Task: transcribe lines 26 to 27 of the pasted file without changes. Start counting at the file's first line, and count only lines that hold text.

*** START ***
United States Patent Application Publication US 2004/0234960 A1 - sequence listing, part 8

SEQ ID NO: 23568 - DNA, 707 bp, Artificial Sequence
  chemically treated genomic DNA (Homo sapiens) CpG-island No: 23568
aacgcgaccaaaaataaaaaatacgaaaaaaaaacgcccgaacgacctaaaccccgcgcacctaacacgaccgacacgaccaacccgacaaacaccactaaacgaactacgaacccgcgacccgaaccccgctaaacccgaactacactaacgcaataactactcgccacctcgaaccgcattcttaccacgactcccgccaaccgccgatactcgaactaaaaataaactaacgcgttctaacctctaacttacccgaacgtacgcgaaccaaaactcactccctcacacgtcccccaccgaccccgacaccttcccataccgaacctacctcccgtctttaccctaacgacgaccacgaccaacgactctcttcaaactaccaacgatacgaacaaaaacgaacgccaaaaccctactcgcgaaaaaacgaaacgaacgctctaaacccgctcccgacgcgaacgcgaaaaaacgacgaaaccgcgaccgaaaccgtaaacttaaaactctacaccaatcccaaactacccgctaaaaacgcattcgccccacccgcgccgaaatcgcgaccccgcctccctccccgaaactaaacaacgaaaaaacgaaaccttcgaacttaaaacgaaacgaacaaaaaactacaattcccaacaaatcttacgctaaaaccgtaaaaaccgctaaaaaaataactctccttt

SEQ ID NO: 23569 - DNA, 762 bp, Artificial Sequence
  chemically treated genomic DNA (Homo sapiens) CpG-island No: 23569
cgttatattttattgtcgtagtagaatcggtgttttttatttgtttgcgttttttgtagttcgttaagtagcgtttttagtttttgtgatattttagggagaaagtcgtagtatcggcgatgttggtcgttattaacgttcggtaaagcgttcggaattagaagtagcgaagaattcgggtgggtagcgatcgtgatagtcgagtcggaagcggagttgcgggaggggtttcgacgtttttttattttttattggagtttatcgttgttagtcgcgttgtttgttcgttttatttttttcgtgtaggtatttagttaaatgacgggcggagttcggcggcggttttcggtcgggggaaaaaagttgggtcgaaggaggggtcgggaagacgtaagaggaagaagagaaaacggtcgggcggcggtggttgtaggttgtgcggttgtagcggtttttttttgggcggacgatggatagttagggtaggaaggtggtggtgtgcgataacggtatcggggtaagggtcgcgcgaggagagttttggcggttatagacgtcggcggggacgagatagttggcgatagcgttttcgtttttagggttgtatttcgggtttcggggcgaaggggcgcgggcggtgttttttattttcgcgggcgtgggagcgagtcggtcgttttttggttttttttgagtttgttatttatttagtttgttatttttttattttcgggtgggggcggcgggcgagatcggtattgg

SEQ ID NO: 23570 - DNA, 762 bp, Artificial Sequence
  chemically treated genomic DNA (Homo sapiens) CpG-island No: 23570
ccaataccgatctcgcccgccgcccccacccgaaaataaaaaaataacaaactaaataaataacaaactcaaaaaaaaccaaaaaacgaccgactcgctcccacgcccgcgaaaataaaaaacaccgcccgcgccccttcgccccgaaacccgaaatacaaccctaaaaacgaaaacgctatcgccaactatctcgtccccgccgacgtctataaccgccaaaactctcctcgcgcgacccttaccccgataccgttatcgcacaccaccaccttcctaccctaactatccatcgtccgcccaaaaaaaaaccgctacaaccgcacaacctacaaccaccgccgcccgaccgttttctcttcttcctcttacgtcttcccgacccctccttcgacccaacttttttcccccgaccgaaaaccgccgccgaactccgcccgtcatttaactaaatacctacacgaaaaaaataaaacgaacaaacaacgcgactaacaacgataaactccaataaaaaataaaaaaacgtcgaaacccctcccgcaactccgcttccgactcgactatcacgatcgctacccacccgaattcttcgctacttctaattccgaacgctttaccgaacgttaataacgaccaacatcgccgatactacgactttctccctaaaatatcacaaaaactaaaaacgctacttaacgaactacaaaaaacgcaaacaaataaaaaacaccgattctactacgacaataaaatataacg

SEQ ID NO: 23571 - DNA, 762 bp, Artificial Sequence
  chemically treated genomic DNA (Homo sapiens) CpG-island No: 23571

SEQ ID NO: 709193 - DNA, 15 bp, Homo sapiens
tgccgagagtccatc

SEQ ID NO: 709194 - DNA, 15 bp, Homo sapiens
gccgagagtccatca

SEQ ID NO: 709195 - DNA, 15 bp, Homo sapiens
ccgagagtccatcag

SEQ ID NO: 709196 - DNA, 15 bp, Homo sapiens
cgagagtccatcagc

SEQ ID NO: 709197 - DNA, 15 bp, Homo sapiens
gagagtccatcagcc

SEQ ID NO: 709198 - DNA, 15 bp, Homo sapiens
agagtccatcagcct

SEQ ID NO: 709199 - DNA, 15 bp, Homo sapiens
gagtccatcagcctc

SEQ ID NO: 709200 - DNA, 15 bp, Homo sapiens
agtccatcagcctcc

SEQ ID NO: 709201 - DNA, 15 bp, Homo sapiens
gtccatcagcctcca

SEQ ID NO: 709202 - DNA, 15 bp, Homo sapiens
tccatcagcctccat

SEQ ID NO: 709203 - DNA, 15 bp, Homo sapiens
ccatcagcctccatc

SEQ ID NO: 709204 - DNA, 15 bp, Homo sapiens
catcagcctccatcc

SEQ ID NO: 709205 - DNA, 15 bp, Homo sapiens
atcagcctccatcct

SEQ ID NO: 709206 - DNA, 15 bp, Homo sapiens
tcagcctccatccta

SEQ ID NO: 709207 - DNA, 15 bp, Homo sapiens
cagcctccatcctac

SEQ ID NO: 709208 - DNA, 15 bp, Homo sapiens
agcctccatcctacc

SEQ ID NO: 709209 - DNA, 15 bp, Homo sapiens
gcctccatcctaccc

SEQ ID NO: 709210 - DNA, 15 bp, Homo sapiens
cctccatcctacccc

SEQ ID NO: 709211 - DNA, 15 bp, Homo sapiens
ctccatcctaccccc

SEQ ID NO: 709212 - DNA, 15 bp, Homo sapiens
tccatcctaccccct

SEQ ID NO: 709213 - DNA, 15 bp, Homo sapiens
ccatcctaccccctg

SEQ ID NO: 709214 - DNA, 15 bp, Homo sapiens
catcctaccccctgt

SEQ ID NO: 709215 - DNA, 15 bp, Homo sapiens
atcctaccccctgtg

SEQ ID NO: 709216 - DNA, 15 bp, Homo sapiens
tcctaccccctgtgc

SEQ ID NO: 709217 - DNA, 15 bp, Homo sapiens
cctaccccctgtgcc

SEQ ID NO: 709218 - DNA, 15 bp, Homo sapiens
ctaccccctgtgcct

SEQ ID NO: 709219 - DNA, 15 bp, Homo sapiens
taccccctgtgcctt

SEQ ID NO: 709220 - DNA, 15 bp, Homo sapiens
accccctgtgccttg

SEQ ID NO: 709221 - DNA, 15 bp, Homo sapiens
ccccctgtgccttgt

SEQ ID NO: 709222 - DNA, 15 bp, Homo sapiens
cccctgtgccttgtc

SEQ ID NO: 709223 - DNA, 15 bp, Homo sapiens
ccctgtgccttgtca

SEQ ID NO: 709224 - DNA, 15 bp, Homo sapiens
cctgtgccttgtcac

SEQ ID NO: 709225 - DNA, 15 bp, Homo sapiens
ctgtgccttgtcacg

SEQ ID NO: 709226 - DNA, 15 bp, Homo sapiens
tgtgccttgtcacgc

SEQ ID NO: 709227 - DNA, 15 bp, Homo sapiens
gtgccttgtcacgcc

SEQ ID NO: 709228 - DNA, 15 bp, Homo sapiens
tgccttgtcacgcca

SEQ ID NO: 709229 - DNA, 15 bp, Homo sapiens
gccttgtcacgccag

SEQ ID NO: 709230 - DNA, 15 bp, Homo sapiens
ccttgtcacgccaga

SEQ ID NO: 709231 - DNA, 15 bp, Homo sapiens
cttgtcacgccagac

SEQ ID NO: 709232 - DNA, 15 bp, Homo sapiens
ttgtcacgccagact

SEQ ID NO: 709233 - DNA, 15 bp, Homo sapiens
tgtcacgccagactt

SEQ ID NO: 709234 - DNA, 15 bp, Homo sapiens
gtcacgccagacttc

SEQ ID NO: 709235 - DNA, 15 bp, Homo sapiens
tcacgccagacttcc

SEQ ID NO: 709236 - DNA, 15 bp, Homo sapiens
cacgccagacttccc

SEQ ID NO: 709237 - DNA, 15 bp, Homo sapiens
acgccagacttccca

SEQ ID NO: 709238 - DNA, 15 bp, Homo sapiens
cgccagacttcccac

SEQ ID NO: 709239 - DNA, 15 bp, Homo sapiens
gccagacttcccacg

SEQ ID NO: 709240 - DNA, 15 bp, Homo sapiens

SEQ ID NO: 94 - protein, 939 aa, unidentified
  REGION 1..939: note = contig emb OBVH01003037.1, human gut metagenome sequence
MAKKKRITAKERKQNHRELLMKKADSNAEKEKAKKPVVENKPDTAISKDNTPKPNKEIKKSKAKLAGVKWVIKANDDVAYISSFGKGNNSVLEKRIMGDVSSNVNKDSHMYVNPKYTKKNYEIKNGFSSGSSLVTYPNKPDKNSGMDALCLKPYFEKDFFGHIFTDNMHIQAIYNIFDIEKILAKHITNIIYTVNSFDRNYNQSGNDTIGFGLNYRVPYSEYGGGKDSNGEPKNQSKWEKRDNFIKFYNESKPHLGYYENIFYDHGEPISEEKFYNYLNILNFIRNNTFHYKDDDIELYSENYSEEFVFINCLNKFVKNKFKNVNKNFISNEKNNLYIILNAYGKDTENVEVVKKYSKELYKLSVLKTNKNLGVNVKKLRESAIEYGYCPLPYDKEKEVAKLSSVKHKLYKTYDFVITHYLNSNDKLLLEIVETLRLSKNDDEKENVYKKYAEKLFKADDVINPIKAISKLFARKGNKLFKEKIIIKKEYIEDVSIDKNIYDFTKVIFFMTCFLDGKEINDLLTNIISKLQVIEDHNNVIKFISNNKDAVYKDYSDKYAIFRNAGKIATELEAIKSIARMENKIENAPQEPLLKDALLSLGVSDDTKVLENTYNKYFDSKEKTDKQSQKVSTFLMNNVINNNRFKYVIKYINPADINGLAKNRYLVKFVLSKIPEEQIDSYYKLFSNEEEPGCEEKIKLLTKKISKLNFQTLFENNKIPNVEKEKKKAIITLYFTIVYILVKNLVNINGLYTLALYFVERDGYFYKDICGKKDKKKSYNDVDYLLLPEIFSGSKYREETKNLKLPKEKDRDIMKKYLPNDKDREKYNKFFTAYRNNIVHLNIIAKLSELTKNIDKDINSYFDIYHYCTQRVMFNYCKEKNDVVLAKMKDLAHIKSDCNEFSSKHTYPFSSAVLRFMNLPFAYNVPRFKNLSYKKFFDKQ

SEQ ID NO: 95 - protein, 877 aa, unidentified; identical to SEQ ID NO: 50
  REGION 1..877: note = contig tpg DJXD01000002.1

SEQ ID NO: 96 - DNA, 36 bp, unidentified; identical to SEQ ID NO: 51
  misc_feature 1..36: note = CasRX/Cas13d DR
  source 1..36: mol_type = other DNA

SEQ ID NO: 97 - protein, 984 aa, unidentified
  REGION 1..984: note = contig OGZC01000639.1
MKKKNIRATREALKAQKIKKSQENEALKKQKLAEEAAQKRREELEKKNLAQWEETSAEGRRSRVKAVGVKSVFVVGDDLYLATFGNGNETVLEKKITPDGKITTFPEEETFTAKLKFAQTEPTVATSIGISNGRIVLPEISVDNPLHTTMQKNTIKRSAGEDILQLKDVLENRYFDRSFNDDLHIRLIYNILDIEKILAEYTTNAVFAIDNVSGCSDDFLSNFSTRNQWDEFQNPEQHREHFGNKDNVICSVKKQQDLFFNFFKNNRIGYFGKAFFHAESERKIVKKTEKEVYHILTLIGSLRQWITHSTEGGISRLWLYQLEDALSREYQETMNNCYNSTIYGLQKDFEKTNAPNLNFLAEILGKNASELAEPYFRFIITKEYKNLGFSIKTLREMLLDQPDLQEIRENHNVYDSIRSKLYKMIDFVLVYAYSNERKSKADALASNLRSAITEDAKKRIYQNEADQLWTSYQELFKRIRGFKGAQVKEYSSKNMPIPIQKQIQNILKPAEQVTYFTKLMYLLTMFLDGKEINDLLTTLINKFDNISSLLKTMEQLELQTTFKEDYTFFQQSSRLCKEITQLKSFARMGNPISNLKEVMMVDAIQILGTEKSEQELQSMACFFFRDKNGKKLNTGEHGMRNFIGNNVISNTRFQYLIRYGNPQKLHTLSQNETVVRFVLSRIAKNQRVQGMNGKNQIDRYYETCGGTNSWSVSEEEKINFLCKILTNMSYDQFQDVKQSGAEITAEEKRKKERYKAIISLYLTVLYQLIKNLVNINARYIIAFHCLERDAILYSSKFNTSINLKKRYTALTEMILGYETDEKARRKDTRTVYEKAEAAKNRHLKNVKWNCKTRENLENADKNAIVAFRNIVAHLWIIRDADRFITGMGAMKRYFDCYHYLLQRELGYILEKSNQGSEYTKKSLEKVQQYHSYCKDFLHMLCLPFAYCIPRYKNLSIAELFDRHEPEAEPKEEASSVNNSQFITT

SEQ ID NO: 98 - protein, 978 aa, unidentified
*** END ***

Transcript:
gagtccatcagcctc

SEQ ID NO: 709200 - DNA, 15 bp, Homo sapiens